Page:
Edited by Philip McCann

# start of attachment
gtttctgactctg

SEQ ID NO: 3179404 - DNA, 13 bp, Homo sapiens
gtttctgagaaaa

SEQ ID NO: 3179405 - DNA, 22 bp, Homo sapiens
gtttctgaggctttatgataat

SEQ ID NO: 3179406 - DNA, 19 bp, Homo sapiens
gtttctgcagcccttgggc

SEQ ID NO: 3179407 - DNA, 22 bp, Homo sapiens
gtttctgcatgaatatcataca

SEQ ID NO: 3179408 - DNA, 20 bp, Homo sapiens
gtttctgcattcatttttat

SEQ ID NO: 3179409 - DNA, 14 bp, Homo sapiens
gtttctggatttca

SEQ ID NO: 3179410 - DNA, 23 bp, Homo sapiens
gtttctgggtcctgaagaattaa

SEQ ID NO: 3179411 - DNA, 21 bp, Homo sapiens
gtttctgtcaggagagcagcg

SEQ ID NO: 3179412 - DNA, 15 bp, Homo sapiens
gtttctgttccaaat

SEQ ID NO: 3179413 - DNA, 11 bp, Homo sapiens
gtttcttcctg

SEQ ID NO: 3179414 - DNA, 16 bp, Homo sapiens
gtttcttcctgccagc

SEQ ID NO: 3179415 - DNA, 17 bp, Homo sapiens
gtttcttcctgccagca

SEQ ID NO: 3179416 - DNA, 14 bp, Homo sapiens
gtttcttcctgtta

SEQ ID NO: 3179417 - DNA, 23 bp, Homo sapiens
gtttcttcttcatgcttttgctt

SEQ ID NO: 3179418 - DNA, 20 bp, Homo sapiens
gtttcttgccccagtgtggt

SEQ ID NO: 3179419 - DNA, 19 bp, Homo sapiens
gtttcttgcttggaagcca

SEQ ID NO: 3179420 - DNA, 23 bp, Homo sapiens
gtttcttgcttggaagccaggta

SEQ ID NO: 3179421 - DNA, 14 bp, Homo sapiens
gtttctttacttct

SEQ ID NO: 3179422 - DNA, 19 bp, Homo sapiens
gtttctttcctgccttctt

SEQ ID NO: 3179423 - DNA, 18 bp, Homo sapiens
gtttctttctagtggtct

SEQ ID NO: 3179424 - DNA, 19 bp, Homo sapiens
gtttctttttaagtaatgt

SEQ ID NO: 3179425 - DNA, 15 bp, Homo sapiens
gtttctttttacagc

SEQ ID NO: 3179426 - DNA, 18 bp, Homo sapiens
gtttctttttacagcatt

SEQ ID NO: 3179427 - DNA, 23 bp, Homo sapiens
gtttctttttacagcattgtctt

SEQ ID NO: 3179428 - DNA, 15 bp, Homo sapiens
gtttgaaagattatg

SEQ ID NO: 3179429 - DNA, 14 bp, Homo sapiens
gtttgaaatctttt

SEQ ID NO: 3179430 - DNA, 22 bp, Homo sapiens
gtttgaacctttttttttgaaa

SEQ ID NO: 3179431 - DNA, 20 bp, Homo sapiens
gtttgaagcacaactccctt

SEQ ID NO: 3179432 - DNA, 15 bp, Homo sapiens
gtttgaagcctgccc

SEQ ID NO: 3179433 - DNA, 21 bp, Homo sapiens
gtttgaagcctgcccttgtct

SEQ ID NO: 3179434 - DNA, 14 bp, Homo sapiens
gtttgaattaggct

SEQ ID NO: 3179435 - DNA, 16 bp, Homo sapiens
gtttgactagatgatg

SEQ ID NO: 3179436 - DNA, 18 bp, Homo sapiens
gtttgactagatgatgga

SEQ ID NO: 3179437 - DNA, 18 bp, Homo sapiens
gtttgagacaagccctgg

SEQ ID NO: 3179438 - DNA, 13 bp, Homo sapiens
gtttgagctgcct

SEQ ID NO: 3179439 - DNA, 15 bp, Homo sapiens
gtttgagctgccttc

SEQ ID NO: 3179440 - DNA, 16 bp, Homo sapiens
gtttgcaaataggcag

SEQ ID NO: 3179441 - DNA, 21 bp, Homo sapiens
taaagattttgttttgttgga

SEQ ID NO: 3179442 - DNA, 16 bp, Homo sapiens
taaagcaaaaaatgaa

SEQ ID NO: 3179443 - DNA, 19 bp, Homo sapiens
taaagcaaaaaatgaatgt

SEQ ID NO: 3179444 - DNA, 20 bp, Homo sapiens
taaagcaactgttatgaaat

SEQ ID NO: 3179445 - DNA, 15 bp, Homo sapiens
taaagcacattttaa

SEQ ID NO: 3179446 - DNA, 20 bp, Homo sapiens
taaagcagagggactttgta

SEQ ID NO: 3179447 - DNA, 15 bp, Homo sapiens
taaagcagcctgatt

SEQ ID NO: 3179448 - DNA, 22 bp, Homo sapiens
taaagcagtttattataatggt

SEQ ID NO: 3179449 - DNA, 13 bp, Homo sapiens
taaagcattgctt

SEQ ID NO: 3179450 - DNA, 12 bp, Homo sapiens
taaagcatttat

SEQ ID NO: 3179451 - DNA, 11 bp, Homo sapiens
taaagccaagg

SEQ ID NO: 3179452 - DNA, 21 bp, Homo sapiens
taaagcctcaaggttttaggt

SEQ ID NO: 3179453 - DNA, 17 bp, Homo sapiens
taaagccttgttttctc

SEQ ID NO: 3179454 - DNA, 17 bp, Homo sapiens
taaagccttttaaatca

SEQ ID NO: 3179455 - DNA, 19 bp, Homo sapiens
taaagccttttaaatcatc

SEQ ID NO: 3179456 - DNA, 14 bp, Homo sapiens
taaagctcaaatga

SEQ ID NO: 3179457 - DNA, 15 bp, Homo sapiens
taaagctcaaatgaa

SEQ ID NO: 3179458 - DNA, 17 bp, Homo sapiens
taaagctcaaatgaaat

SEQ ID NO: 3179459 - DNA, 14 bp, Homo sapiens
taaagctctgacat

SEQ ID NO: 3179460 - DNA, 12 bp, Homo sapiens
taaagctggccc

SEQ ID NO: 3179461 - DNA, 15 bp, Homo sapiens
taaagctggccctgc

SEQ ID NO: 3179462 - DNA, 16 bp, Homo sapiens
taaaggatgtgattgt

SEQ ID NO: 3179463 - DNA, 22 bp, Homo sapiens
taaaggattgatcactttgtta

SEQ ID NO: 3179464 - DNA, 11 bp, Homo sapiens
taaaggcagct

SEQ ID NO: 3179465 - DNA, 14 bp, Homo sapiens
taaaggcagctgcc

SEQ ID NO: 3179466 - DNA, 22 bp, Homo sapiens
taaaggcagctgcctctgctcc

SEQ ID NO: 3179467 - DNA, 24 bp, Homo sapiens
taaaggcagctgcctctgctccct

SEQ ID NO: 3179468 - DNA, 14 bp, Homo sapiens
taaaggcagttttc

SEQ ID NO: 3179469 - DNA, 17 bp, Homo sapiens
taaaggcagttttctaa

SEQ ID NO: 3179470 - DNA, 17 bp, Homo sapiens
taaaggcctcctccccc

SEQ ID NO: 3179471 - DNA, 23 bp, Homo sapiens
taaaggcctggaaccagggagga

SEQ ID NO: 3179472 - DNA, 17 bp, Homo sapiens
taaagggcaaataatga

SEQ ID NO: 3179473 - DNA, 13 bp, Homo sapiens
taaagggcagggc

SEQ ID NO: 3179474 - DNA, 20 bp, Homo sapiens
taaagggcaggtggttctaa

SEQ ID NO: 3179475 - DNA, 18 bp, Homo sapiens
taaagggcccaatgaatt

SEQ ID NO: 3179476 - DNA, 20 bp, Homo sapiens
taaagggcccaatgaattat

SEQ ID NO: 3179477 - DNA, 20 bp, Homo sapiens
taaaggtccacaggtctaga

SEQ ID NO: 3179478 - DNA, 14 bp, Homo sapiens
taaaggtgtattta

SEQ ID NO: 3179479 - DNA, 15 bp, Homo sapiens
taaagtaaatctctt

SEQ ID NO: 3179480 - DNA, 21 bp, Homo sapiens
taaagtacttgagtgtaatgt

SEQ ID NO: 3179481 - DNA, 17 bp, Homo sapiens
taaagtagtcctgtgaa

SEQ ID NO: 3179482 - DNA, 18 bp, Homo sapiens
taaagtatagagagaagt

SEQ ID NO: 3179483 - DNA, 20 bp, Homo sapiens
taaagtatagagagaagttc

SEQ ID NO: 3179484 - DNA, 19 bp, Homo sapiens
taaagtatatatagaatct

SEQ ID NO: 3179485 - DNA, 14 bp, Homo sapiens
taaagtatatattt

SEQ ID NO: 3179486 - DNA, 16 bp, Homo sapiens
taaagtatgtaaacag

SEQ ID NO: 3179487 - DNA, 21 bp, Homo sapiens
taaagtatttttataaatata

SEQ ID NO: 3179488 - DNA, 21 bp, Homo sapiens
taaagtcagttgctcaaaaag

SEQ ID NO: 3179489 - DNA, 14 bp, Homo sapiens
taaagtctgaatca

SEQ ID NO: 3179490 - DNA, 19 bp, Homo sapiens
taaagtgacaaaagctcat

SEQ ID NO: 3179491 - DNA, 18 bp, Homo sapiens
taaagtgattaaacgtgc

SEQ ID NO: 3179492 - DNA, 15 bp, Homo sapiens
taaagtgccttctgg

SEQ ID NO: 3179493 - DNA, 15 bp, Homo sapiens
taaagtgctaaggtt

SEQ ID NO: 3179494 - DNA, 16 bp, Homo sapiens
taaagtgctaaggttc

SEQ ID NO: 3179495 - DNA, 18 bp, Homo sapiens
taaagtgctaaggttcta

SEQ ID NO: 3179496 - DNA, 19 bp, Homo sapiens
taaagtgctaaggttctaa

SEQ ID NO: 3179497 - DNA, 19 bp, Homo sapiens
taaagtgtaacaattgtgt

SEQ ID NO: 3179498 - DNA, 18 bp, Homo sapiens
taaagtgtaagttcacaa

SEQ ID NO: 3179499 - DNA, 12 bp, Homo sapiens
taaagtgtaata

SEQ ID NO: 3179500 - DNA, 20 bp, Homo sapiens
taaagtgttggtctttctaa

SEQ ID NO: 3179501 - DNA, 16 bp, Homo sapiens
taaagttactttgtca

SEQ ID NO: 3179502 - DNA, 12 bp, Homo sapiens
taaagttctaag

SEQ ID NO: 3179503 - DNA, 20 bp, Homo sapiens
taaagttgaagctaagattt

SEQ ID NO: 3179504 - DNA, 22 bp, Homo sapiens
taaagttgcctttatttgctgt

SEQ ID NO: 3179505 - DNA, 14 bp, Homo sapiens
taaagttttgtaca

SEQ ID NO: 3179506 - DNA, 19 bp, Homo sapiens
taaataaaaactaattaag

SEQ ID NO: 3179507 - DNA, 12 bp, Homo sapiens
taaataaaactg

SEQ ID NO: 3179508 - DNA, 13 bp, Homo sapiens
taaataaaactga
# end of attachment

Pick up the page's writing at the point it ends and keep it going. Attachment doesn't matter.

Piet H. Pellenbarg, Leo J.G. van Wissen and Jouke van Dijk University of Groningen, The Netherlands 1. INTRODUCTION Due to changes in markets, consumer preferences, environmental regulations, technological progress and so on, ﬁrms are constantly adjusting to new situations. This process very often also has a spatial dimension. Characteristics of the spatial environment of a ﬁrm may change over time, but internal changes in addition may lead to other locational preferences. Firm migration is a particular form of locational adjustment. Here, we deﬁne it as a ﬁrm’s change of address from location A to location B. This deﬁnition is most suited for small and medium-sized single-plant ﬁrms, but less so for multiplant ﬁrms and large enterprises. A very simple case is that of a growing ﬁrm facing the problem that the present building is too small to host all its activities. Moving to another building is then an obvious solution. For large enterprises locational adjustment usually involves the restructuring of the spatial layout of activities that are spread out over multiple locations. These complex events can only partially be labelled as migration. Often, the migration component is but one element in a mix that also includes closing down, merging and splitting off business units of the enterprise. All these events are taken into account in a demographic approach to ﬁrm dynamics that has gained popularity in recent years (Van Dijk and Pellenbarg, 2000a). This approach, which is studied by geographers, sociologists and economists, is called, variously, industrial demography,...
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